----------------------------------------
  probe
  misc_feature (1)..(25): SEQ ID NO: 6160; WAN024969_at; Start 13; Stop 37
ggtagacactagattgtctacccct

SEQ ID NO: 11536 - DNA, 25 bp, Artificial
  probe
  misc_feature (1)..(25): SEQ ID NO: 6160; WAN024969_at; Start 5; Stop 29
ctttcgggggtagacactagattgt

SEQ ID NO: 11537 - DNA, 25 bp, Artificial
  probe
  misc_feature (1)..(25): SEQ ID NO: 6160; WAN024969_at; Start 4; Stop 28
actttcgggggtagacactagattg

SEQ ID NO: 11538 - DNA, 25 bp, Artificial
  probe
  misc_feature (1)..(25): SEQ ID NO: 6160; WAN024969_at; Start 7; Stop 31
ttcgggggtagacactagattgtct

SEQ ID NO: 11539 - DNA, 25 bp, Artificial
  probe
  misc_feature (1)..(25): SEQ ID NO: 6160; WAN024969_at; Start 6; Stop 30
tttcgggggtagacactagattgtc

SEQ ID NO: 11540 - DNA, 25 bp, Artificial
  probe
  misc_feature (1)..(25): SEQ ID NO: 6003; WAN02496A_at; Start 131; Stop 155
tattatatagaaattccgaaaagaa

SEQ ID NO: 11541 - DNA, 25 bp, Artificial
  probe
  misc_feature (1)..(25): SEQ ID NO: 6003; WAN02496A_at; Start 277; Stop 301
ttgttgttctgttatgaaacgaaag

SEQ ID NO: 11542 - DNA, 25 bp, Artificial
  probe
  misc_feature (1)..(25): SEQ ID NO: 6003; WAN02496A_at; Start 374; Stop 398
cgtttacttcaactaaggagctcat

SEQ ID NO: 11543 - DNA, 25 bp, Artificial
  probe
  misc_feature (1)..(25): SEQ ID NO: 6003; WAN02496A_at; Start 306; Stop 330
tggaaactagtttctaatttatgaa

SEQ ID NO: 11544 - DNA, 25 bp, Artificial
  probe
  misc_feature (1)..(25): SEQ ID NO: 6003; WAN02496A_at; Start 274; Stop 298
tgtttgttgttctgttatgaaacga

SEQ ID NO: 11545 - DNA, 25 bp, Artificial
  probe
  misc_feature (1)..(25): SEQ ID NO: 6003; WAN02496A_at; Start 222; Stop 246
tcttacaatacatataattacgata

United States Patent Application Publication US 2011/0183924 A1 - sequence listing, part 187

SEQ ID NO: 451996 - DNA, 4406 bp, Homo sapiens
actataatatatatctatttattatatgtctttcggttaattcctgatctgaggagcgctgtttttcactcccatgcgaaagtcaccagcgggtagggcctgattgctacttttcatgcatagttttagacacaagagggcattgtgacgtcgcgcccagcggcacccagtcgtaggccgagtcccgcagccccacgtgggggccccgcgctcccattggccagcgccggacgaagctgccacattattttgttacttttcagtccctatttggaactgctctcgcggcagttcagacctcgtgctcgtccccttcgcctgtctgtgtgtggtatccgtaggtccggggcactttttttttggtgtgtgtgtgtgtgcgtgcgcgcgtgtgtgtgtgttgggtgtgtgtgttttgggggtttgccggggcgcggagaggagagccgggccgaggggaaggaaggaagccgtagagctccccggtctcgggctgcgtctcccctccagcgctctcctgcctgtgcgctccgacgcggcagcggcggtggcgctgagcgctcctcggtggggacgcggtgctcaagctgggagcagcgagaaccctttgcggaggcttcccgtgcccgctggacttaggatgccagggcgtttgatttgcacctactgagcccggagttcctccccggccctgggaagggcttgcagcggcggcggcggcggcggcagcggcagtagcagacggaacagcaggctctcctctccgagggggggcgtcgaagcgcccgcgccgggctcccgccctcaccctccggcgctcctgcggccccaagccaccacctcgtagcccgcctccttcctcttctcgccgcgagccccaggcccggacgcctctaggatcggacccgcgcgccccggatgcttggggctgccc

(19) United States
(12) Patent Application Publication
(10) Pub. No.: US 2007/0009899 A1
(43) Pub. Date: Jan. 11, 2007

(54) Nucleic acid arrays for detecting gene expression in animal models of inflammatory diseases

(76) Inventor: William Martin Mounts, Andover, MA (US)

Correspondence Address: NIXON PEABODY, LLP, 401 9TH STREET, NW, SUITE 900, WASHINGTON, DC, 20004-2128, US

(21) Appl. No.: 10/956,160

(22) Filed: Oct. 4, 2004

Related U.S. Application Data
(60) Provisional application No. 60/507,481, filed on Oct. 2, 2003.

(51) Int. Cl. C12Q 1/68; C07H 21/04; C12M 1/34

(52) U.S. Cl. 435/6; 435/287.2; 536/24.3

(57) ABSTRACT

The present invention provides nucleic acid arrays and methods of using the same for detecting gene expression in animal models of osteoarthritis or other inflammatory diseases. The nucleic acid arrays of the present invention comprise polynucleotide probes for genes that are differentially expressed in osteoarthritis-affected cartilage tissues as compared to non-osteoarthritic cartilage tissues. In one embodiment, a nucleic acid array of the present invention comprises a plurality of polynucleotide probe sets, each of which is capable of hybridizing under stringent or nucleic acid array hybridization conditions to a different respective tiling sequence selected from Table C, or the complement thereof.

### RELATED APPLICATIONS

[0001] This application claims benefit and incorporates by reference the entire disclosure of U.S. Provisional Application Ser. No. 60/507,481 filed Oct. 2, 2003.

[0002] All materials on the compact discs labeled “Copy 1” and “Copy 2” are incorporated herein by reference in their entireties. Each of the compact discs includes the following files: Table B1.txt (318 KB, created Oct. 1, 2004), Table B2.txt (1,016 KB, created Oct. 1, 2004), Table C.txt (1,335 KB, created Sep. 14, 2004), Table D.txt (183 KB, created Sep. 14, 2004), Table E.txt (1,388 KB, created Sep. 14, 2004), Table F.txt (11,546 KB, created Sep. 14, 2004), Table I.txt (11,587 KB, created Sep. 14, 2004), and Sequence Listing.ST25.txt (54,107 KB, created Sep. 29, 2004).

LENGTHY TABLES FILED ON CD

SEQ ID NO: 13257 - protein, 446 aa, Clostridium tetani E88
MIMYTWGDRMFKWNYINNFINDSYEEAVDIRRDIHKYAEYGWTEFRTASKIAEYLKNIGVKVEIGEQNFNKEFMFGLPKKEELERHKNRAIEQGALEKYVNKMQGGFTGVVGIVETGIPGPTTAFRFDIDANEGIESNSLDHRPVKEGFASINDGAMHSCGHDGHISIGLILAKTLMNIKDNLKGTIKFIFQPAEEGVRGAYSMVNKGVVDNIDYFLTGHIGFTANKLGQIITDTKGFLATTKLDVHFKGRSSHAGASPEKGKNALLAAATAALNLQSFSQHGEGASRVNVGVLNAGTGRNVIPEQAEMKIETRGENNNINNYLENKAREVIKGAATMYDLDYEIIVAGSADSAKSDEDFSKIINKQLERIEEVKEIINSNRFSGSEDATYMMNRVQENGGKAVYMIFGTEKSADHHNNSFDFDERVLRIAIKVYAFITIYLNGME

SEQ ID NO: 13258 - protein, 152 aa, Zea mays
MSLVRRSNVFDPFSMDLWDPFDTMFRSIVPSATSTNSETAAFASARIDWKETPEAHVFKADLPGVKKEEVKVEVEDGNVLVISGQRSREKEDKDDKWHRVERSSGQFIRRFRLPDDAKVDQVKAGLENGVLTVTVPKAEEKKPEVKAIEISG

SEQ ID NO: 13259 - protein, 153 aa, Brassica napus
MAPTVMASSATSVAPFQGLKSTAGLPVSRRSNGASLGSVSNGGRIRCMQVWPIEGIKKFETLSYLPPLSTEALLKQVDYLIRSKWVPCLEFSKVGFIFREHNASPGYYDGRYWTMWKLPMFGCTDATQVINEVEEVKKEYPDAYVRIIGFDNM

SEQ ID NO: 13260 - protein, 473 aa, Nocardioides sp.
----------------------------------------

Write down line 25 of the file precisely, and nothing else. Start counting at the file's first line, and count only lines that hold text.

  probe